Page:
If you do have a mat, roll it out. If you have space, consider leaving it out. Even neatly rolled up, if it’s out it’ll act as a reminder of what you’re missing. This doesn’t tend to happen so much if it’s stashed in the boot room, coat cupboard or back of your car.
Don’t be afraid to make your space a bit special. Although some days we’re good to just unroll our mats and crack on, it’s often nice (and not too taxing) to turn our practice into an occasion by lighting a few candles or some incense, hitting play on some mood-boosting music or rubbing some of aramoatherapy oil into our pulse points.
I don’t like scheduling things beyond strict necessity. It’s a bit grown-up and restrictive for my tastes. But it is annoyingly effective! Just like work deadlines, family commitments and ‘normal’ yoga class – if it isn’t in our diary, our home practice often isn’t happening.
Self-care and yoga are usually the last thing we dedicate our time to and the first things to get brushed aside when we get busiest… unhelpfully, when we need them most. This, quite literally, is not good for us.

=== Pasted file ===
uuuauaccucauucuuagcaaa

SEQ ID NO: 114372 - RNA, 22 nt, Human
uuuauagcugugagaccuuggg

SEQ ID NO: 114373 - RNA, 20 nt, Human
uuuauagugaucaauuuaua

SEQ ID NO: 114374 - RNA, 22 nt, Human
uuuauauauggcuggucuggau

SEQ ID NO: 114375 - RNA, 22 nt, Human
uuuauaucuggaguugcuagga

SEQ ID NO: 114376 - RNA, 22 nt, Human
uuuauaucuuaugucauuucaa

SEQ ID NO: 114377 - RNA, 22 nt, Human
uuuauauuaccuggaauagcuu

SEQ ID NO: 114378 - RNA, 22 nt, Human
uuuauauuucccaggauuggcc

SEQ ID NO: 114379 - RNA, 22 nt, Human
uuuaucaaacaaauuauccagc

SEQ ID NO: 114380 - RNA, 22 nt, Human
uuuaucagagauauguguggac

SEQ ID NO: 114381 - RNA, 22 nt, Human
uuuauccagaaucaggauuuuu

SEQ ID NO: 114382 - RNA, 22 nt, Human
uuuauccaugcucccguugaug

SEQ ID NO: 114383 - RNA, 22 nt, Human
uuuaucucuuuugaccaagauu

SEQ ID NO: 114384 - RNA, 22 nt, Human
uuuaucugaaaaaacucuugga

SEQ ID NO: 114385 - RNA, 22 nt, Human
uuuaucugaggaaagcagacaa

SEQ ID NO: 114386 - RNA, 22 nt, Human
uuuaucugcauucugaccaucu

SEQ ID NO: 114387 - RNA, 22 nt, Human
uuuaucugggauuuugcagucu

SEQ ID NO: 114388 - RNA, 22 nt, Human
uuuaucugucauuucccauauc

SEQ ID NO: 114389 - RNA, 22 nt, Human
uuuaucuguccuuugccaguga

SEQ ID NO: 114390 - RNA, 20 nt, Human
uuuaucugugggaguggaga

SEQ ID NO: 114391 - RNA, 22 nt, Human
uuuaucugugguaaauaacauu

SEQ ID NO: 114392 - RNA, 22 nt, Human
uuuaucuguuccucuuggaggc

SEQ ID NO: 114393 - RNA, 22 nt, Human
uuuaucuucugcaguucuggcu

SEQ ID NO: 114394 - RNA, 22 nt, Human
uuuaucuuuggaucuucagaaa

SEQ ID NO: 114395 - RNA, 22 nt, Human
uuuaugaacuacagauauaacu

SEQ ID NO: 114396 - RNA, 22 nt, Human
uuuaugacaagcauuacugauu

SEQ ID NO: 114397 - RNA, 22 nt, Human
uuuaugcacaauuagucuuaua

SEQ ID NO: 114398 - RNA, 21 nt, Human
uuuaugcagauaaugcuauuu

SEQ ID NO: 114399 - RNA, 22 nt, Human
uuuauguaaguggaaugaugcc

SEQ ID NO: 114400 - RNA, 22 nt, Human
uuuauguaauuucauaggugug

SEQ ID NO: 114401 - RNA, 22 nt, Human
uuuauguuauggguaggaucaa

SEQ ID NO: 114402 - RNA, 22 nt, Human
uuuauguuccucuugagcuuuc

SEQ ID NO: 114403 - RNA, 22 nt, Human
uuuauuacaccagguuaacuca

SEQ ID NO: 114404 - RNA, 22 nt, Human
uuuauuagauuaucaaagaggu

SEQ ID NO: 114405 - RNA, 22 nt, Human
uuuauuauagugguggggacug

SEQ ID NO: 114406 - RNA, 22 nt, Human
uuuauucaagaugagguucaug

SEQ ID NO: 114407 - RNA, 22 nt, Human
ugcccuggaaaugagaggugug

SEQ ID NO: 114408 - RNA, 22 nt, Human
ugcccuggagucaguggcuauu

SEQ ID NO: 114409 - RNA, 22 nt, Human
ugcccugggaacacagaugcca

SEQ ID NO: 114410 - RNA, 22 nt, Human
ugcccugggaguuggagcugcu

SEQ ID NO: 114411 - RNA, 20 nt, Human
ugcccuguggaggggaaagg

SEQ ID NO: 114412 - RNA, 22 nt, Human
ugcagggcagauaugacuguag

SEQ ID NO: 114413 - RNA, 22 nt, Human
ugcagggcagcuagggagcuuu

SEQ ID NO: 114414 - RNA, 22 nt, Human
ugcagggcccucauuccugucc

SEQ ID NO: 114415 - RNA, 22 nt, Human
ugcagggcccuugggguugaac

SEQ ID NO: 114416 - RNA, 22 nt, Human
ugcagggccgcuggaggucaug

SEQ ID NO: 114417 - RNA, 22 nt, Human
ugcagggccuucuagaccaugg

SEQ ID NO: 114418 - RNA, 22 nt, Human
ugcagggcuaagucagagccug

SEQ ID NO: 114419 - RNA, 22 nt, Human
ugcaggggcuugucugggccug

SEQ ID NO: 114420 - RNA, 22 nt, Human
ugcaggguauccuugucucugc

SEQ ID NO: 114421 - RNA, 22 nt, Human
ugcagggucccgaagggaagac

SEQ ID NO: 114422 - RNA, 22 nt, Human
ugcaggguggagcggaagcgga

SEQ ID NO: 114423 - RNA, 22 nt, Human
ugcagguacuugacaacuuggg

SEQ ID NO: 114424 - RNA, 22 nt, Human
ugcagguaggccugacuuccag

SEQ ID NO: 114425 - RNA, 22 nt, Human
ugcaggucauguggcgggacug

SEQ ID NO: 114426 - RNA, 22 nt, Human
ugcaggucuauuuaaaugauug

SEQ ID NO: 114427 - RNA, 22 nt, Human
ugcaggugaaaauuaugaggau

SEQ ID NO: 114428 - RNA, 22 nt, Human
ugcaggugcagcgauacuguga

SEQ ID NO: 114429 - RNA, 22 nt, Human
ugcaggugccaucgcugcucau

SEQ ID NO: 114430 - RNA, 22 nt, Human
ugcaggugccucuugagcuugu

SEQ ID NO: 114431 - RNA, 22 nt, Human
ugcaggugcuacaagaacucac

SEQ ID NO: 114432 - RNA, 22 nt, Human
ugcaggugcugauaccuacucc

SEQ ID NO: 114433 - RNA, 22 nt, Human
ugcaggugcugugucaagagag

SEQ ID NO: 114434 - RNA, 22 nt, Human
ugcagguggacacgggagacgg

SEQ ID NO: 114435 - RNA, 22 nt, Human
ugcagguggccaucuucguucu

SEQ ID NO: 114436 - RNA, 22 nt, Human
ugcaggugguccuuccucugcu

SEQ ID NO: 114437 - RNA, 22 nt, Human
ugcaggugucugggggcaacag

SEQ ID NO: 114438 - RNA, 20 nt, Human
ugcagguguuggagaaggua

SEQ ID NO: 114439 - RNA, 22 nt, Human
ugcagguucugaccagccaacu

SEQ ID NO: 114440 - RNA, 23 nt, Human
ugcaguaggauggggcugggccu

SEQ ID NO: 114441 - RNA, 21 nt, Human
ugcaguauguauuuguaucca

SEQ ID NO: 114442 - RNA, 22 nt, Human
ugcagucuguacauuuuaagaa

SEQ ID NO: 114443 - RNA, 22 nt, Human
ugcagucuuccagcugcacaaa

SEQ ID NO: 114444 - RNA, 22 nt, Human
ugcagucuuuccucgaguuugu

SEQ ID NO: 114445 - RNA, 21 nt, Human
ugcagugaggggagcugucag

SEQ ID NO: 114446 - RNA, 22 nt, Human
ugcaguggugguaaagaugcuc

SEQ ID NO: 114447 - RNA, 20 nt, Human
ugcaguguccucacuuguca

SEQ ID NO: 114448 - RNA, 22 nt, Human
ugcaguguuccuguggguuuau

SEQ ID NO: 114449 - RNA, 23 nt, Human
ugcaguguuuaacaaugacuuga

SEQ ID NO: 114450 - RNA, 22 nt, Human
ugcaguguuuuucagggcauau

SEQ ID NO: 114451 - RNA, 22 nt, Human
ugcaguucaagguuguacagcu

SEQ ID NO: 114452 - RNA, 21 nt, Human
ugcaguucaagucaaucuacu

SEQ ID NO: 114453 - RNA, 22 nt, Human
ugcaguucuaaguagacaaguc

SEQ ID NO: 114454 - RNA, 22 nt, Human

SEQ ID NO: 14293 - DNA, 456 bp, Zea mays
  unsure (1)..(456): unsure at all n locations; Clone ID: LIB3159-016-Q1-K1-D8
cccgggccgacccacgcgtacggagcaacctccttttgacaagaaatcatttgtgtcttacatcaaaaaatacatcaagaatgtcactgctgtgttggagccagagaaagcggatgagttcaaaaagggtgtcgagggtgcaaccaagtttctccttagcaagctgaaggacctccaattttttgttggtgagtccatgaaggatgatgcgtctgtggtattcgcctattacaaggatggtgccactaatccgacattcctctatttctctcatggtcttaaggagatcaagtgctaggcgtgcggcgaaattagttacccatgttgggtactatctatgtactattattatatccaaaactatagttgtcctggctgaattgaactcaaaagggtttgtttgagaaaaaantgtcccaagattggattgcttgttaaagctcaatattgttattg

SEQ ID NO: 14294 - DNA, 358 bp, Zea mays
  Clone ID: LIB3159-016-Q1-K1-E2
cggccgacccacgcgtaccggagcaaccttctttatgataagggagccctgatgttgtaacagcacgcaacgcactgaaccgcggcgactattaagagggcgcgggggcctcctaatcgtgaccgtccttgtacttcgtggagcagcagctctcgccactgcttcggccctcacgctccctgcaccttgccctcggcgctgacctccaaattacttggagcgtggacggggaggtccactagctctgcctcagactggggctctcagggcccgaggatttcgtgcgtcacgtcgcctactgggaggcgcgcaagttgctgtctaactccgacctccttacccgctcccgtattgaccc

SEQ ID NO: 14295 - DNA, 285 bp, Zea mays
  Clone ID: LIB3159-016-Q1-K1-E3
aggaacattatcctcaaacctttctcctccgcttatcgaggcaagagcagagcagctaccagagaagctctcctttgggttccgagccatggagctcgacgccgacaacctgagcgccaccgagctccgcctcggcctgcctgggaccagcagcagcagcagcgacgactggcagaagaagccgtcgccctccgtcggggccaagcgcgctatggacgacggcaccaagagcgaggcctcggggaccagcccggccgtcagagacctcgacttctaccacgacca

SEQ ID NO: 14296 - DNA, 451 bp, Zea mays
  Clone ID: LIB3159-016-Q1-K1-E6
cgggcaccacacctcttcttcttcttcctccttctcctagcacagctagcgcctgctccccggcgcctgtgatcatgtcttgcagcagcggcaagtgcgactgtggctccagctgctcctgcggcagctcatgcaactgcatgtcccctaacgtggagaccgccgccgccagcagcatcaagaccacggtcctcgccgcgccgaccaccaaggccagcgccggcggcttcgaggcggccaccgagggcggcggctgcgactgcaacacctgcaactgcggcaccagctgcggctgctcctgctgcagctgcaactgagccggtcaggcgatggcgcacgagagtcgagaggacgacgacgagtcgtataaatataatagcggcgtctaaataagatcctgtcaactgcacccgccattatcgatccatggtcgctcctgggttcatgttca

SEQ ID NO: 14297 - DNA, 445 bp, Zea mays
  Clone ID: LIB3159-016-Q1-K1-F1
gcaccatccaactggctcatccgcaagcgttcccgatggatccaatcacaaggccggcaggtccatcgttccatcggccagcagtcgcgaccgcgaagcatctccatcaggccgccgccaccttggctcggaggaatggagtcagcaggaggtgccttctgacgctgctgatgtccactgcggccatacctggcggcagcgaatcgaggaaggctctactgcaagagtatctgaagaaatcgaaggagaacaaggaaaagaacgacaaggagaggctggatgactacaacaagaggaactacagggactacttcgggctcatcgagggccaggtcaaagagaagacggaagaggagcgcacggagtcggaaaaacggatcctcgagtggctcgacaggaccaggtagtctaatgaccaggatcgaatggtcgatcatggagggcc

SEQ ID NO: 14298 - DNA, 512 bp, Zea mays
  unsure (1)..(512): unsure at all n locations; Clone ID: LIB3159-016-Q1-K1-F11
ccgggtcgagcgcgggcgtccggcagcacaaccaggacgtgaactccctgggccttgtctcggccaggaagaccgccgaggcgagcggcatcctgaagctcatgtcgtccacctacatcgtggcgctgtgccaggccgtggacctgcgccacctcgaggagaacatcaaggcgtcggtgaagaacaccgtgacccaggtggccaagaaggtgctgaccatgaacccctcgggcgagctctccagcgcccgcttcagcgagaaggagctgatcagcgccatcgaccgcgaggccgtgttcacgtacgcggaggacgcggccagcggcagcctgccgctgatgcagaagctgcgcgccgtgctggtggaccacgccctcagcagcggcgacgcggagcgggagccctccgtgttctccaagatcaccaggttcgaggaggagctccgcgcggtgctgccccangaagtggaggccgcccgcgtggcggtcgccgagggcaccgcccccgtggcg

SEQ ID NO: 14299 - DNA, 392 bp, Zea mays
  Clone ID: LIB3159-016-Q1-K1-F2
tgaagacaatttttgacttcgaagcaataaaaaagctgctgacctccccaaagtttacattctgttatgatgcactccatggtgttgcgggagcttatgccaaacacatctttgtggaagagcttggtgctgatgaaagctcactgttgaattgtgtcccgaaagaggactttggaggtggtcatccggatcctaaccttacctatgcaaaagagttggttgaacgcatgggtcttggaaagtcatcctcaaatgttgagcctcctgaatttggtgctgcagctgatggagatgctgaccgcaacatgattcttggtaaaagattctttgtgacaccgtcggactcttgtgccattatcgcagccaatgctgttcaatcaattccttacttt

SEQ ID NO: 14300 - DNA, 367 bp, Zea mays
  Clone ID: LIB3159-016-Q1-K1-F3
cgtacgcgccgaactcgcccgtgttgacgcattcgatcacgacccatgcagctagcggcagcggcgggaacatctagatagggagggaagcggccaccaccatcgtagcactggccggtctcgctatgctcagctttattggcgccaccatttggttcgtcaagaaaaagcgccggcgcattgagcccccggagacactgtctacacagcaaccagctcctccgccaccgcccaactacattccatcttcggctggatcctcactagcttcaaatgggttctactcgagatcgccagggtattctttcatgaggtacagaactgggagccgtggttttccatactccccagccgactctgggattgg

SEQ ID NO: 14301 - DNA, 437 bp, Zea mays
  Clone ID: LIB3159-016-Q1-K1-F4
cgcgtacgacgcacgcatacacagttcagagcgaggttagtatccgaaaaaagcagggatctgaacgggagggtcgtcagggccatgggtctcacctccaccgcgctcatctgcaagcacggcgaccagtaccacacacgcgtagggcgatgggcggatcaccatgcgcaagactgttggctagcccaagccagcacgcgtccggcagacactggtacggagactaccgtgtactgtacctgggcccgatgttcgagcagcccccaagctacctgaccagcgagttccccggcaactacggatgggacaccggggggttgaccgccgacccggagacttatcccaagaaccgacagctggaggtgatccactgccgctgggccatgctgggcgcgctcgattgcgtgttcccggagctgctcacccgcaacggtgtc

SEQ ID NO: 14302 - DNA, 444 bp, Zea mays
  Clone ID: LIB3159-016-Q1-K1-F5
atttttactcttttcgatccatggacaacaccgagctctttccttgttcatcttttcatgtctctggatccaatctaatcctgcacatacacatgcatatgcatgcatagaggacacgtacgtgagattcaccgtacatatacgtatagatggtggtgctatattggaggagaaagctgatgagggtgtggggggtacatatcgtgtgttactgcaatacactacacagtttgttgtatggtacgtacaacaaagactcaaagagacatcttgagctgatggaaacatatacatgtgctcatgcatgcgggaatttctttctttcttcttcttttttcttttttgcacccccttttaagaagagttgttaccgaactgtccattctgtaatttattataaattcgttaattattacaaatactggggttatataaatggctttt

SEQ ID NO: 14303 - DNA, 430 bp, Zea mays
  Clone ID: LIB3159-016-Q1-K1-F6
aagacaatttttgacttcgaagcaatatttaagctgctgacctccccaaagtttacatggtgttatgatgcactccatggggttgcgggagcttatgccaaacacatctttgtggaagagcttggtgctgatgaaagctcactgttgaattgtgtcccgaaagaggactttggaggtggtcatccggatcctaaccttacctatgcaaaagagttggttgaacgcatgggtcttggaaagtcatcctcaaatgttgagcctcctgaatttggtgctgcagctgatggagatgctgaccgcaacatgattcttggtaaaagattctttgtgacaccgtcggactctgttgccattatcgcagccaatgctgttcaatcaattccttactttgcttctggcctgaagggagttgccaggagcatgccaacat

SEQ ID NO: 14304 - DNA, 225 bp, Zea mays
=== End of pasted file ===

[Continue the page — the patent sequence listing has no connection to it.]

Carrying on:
Whether it’s earmarking a full hour of peace to do a deep flow or putting on yoga clothes when you wake up so you find time for a few sun salutations before you leave the house… some kind of plan tends to (read: always) work better than ‘I’ll probably do some yoga later.’
Devices have it for a reason – and I don’t think anybody flies enough for it to actually involve airline travel. It’s refreshing to hang up your virtual ‘Do Not Disturb’ sign for a little while.
Use a real-life clock if you have to keep your eye on the time, or set an alarm if you know you have to be somewhere – ideally one that allows for a few minutes of relaxing in Savasana before you up sticks. Once you start time-checking your non-aeroplaned mobile, it’s a quick and slipperly slope into checking your texts or e-mails. This does not make for a peaceful practice you’ll want to return to.
No pressure, no limits
Before my pregnancy, I had a fairly strict idea of what my home practice looked like – as much of the Ashtanga primary and/or second series as I had time for or a deep 45-minute yin session. Probably with a side of hand-standing. Although this discipline was great for my physical practice, the idea of actually doing it didn’t always make my heart (or achey muscules) sing and I’d sometimes find an excuse not to bother. If you run, you’ll be familiar with this feeling. It’s usually easier to lace up for a 3-mile jog than an 11-mile race-pacer.